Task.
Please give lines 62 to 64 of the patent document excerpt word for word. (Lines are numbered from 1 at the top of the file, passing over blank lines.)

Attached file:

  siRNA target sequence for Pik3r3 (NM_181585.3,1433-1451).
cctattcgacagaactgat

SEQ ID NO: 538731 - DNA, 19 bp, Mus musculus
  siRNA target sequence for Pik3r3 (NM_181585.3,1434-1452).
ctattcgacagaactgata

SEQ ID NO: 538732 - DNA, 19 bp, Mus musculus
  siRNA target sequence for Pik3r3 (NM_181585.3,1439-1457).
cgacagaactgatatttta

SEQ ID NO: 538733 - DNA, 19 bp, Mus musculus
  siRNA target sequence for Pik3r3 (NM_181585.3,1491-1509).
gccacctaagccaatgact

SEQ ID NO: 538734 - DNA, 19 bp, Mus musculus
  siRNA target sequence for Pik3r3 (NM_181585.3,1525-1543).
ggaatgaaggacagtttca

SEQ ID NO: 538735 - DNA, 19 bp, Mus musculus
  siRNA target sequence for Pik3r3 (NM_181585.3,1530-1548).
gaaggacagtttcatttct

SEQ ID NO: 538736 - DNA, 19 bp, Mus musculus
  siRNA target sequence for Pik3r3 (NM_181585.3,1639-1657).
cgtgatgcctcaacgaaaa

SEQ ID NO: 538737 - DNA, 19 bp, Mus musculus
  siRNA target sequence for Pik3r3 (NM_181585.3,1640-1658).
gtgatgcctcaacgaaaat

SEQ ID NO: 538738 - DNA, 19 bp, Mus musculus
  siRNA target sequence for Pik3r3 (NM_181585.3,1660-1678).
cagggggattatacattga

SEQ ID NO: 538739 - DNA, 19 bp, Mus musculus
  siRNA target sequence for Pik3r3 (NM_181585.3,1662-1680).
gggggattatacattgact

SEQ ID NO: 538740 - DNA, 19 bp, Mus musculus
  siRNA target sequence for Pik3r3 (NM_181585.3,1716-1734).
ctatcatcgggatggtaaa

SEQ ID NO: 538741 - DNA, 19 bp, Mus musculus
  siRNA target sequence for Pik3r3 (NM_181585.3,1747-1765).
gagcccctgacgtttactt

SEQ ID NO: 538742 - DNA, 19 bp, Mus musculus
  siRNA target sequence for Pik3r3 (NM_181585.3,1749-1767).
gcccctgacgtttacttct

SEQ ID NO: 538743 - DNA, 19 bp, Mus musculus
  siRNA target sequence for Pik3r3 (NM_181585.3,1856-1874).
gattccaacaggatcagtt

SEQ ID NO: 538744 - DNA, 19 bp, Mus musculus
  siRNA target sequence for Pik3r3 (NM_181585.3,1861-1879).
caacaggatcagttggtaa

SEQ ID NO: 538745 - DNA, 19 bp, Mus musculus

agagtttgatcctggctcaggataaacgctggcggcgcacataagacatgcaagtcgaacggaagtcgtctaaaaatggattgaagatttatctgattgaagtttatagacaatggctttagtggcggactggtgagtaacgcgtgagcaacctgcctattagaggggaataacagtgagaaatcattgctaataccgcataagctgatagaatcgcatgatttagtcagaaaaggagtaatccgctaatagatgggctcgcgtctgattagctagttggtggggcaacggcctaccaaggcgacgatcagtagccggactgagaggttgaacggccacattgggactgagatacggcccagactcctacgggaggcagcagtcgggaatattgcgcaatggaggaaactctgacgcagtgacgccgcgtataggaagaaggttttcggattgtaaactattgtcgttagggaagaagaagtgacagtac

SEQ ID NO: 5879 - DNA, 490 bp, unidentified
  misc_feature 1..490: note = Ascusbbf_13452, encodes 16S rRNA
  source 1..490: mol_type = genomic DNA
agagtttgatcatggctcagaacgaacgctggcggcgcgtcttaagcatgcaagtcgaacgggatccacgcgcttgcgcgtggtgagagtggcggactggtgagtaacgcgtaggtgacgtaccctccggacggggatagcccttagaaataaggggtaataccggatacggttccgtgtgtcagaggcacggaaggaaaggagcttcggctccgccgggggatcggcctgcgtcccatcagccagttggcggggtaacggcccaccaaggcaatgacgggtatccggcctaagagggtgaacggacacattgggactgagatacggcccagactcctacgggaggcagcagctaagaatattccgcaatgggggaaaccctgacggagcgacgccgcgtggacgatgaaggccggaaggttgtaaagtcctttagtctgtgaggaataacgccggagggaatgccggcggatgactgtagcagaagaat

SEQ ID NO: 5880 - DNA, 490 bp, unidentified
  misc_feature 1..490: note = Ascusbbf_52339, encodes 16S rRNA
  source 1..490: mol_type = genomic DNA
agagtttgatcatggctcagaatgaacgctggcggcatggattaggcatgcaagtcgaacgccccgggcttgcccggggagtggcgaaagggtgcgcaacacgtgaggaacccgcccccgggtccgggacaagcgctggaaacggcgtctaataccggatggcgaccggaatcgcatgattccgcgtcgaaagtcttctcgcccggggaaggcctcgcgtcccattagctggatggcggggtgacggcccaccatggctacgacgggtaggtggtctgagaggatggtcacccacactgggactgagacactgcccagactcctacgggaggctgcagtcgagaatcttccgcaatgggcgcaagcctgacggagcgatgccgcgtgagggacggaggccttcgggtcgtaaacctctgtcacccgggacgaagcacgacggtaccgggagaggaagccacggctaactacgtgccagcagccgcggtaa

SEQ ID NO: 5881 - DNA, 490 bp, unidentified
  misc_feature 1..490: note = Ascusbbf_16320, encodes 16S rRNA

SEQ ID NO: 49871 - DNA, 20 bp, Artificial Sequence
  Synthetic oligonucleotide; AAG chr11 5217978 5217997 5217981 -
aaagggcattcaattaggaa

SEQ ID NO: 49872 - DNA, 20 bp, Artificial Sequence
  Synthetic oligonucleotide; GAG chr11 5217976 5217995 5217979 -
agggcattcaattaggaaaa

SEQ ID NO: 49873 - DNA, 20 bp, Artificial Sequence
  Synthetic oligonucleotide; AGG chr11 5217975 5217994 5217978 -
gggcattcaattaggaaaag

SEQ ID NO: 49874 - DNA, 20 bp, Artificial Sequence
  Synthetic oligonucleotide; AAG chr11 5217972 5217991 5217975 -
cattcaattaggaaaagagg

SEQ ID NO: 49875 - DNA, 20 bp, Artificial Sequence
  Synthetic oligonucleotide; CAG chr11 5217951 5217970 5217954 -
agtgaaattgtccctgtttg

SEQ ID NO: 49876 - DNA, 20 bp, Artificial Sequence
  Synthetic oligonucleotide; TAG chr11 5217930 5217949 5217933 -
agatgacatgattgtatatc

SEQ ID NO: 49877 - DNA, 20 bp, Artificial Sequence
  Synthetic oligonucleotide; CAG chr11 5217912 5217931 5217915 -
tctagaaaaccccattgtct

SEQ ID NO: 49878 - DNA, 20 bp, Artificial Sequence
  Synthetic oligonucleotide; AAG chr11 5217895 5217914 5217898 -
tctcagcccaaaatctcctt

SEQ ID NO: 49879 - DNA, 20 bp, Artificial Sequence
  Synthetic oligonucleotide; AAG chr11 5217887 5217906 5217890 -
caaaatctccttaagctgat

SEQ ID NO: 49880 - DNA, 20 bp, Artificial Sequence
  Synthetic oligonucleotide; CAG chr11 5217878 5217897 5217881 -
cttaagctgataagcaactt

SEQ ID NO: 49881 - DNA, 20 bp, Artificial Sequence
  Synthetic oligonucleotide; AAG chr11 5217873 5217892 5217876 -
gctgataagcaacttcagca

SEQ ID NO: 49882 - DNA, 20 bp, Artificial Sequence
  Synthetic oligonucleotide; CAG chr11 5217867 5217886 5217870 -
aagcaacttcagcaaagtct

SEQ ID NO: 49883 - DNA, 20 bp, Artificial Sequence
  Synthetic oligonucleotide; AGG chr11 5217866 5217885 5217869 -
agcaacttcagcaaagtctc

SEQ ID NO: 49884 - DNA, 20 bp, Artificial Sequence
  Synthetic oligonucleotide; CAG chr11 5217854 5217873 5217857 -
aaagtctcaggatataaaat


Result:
agggcattcaattaggaaaa

SEQ ID NO: 49873 - DNA, 20 bp, Artificial Sequence
  Synthetic oligonucleotide; AGG chr11 5217975 5217994 5217978 -